2016 is coming to an end and it’s doing so with a proverbial bang. It is remarkable really considering 2016 started with a proverbial bust. What lays ahead for certain is unknown to all, yet the capital markets sure do have some predilections about what might unfold in 2017.
Those predilections boil down to two words: stronger growth.
That outlook has been forged on the expectation that President-elect Trump and the Republican-controlled Congress will put their words into action and implement policies that lead to lower tax rates, reduced regulations, infrastructure spending, and a repeal and replacement of the Affordable Care Act.
In brief, there is a presumption that both consumers and businesses will have the capacity to spend more in 2017, driving faster rates of economic growth by way of a pickup in personal spending and business investment.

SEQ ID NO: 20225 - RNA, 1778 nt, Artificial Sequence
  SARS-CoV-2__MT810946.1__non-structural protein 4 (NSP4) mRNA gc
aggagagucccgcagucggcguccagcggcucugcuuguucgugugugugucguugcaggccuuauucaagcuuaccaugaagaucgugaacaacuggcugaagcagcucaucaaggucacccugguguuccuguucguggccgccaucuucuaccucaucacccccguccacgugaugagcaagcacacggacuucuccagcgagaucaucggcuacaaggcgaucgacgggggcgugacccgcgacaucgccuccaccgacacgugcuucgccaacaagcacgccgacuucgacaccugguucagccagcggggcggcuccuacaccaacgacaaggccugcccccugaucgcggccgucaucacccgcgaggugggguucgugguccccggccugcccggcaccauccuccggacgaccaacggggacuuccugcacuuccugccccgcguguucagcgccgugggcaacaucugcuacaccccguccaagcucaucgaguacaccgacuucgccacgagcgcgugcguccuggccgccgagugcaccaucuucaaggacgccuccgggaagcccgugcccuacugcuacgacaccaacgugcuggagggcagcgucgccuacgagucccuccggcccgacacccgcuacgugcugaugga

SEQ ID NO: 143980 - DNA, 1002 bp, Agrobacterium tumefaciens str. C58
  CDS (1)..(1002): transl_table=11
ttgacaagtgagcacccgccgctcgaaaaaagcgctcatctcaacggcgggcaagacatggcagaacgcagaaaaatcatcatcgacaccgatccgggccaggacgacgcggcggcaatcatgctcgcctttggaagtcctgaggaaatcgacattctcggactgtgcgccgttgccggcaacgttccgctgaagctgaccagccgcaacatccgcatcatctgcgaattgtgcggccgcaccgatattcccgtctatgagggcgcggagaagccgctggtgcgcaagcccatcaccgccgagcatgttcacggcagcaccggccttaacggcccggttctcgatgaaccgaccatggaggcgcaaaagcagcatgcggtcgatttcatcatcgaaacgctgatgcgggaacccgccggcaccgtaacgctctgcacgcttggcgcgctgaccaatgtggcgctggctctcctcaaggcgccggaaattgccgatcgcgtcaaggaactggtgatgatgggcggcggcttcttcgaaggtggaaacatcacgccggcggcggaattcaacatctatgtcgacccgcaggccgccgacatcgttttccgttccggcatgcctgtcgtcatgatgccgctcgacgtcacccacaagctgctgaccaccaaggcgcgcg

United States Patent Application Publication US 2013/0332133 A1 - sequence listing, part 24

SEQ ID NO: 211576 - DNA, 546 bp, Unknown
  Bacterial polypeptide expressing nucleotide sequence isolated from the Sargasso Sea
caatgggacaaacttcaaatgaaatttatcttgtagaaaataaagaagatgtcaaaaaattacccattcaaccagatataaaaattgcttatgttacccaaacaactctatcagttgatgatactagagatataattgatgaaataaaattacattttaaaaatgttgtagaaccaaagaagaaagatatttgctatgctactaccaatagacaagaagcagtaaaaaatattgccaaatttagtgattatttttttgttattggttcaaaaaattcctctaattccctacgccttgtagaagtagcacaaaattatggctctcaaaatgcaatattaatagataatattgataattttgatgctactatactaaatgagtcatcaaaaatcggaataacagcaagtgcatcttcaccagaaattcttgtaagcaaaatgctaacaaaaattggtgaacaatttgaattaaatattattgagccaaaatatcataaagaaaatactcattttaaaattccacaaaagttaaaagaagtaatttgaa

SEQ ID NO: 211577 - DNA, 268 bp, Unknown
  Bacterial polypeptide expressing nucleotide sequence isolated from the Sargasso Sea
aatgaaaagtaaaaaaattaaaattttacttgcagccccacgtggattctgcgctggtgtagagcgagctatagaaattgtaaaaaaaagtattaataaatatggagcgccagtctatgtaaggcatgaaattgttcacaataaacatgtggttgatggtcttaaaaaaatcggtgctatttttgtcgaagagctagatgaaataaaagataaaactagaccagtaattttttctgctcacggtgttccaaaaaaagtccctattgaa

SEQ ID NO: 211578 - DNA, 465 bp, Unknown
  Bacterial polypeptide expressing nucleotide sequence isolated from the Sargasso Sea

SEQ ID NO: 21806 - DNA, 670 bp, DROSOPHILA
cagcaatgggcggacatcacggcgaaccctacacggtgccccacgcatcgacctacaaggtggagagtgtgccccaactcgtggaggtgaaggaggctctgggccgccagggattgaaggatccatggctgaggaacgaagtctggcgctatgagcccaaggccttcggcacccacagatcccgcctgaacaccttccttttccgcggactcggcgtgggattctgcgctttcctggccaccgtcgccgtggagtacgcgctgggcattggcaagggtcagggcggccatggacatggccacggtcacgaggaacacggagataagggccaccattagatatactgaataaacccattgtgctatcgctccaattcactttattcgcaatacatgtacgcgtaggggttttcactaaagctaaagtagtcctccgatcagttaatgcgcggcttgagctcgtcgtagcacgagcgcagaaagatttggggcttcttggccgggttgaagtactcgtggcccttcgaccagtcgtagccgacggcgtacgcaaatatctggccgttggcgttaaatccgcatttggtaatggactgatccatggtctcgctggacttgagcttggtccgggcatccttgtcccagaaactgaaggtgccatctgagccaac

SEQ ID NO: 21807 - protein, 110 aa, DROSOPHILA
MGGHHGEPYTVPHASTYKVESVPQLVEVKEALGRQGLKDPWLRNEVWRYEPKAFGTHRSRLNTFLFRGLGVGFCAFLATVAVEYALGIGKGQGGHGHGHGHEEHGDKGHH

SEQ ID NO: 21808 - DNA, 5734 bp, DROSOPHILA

The question before everyone today is, just how much of that expected growth has been pulled forward into stock market returns already?
The objective data says quite a bit, which is why our baseline – and fundamental – outlook for 2017 isn’t wildly optimistic.
This post was published at FinancialSense on 12/19/2016.